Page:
As we explore the path of yoga, we discover there are millions of methods that will take us in the direction of our goal. Purification of the body, perfection of posture (asana), samadhi meditation, selfless service (karma yoga), and devotion to God (bhakti yoga) are just a few. Those of us who choose Karma Yoga walk the path of action in order to further our self-development. Babaji tells us, “Although Karma Yoga is usually understood to be merely a path of action, it is truly a path of inner development.”
The Bhagavad Gita speaks often of the yoga of action, or Karma Yoga. In Chapter III, verse 5, Krishna tells Arjuna, “Truly, no one can ever remain inactive even for a moment, for everyone is helplessly made to perform action by nature-born qualities.” We see this in every human being – from the newborn child to the dying one’s last breath. And even unseen, the workings of the thoughts in the mind are also actions . . . little electrons bustling around, transmitting messages from one cell to another!
Babaji sometimes offered the image of the bank manager when discussing karma yoga, or selfless service. He described the bank manager as one who worked conscientiously, attending to all the duties in a timely fashion, without attachment to the outcome. At the end of the day, he locked up the bank and went home to enjoy the evening. Babaji would then contrast the manager with the bank owner, who worries and frets, waking in the night anxious as to whether the bank is locked securely or fearful that someone is hacking the computer system! Acting with personal attachment, the owner is always on the lookout for his own self-interest. The manager was working as a karma yogi – serving to the best of his ability, but giving over any attachment to the results.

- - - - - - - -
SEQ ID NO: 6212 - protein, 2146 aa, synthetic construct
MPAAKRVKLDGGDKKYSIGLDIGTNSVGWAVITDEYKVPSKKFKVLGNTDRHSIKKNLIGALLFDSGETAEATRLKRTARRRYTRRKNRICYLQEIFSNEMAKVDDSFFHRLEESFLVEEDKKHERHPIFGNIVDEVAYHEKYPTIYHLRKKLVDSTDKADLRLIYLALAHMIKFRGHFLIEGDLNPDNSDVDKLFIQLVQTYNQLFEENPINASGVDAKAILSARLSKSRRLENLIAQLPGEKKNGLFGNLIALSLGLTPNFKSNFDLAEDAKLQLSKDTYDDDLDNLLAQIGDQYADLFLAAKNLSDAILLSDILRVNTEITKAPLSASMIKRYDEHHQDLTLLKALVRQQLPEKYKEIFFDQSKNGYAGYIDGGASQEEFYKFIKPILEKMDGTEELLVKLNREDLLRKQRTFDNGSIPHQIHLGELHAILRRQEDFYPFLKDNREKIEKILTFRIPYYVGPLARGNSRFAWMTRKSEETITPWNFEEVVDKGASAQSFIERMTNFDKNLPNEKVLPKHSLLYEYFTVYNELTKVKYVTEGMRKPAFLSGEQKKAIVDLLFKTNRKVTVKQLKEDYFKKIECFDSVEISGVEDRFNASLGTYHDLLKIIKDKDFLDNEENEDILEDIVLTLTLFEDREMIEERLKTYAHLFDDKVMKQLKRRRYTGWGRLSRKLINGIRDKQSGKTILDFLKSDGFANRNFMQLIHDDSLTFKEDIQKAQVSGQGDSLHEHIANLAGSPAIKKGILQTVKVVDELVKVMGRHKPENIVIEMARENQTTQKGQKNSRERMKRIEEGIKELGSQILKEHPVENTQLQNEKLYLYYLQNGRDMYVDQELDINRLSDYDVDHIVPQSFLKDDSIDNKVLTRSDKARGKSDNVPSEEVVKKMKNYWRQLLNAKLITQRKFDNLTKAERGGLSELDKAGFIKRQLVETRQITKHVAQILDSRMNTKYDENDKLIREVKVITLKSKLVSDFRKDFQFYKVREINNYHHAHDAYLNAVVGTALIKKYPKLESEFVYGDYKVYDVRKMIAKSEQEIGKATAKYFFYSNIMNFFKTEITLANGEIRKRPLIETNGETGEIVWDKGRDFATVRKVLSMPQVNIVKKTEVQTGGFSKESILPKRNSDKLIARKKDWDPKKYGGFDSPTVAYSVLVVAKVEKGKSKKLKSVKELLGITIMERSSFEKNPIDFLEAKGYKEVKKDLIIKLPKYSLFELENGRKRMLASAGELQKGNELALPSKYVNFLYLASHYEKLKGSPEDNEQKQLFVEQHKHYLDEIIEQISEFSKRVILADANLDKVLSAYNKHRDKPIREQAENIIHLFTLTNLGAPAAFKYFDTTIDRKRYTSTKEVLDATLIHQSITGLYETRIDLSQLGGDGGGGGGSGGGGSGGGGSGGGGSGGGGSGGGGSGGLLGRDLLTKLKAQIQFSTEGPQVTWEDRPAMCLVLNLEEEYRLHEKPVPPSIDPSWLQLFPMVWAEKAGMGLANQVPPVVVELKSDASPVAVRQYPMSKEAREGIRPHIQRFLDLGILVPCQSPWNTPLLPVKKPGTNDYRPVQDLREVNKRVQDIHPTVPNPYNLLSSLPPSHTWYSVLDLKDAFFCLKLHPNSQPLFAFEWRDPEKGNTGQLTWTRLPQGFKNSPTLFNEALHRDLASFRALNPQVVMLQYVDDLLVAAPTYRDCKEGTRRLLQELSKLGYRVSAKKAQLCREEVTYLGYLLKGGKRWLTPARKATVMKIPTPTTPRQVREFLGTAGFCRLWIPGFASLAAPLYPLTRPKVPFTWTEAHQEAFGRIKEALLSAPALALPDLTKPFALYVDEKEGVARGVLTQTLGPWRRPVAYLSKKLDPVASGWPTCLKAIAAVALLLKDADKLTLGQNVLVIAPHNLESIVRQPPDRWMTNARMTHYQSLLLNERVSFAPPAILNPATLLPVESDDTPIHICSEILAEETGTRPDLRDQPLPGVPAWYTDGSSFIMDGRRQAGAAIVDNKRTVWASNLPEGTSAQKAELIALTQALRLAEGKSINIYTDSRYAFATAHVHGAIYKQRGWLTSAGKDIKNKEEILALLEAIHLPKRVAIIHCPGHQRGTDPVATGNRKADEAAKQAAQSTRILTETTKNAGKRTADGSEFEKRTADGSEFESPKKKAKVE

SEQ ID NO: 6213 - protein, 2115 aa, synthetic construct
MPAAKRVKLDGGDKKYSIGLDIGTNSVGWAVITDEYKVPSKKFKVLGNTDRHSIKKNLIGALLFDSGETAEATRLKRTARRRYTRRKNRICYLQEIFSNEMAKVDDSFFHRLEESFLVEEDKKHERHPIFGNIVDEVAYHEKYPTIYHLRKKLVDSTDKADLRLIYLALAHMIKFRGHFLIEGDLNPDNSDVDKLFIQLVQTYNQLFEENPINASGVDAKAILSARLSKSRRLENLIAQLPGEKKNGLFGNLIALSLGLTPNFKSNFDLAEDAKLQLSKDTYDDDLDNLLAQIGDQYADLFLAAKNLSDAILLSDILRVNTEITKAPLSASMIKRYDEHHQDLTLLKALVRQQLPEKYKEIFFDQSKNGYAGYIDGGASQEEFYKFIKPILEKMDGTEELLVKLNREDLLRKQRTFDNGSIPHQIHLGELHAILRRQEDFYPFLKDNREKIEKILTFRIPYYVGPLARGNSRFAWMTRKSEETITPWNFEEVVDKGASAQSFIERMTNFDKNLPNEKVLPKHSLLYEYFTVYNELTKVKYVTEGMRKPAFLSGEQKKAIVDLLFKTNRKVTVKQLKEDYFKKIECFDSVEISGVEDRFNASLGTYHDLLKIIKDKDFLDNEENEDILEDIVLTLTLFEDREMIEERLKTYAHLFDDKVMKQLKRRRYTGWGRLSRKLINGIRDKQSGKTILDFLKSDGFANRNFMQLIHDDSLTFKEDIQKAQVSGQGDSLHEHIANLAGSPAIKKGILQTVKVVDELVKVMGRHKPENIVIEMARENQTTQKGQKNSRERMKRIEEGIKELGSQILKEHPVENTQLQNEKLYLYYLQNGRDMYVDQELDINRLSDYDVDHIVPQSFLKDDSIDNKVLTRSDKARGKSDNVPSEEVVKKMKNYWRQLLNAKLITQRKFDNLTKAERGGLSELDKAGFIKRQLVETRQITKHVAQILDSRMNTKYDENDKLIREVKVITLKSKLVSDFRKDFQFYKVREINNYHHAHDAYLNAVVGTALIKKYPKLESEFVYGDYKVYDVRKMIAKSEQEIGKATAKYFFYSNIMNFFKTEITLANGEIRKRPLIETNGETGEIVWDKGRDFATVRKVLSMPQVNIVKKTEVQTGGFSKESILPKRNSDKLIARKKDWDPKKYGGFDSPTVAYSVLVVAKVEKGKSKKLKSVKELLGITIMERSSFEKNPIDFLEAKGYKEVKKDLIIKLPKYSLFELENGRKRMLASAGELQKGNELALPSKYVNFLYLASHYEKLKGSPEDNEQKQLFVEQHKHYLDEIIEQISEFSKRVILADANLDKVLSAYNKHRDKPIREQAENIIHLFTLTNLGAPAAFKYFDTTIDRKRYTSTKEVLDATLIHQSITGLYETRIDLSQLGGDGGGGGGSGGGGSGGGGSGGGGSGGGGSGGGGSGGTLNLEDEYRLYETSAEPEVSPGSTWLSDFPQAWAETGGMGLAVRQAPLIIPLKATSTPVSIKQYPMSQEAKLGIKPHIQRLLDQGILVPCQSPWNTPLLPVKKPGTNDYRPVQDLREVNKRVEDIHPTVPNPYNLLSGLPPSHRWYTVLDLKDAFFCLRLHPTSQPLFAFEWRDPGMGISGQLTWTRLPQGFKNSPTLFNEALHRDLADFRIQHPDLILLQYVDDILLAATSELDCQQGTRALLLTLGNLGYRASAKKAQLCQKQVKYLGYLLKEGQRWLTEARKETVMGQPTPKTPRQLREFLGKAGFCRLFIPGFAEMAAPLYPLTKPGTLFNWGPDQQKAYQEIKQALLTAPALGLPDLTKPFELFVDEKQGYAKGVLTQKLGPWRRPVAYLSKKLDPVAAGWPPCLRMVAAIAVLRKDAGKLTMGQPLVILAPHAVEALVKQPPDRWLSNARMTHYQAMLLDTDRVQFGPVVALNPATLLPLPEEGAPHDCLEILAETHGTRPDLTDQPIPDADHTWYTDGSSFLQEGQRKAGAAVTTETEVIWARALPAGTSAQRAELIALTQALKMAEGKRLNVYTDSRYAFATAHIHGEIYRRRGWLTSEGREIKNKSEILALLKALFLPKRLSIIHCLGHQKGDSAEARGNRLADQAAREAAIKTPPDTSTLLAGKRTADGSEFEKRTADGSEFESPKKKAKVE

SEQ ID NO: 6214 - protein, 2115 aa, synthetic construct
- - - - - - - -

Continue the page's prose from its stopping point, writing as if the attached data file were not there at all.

Karma Yoga means selfless service.
It is chosen and not forced.
If you have chosen it, then
You give second place to your self-interests.
While we can understand the bank owner’s concern, it’s also easy to see that such an attitude will definitely hold one in bondage rather than support our path to enlightenment, liberation, or eternal peace. And if our goal is to pursue a spiritual path in life, untangling the bonds of karma and samskara that keep us from peace of mind, we may wish to choose the role of bank manager, rather than owner!
“When our aim is to serve without expecting anything back – such as name, fame, more, etc, then our fear of losing something will not be there. When fear is not there, then other negative things that are caused by fear – anger, hate, jealousy, competition – will not be there. In the absence of those things, the mind will develop its sattvic (pure) aspect and the tamas (dark) side will be reduced.”
As we become more skillful in practicing selfless service, our own self-interest reduces and the mind becomes purified of its desire for recognition, payment, praise, etc. “At first we start with desire, expectation and ego. In Karma Yoga, gradually those things get weaker and the mind gets used to action without them; the mind conditions itself to act that way.”
In actual practice, some challenges and obstacles arise in our practice. The need to make a living, limitations on our time and energy, or dislike for a particular kind of work are a few examples. But, like any skill we wish to learn, “practice makes perfect,” and so we continue our practice of Karma Yoga as a modest attempt at living a virtuous life. Wishing you success on the path!
Pratibha Queen is an Ashtanga Yoga instructor and Ayurvedic practitioner who lives in Santa Cruz. She is a member of DSS who attends Salt Spring Centre of Yoga retreats on a regular basis. All quotes above are from the writings of Baba Hari Dass.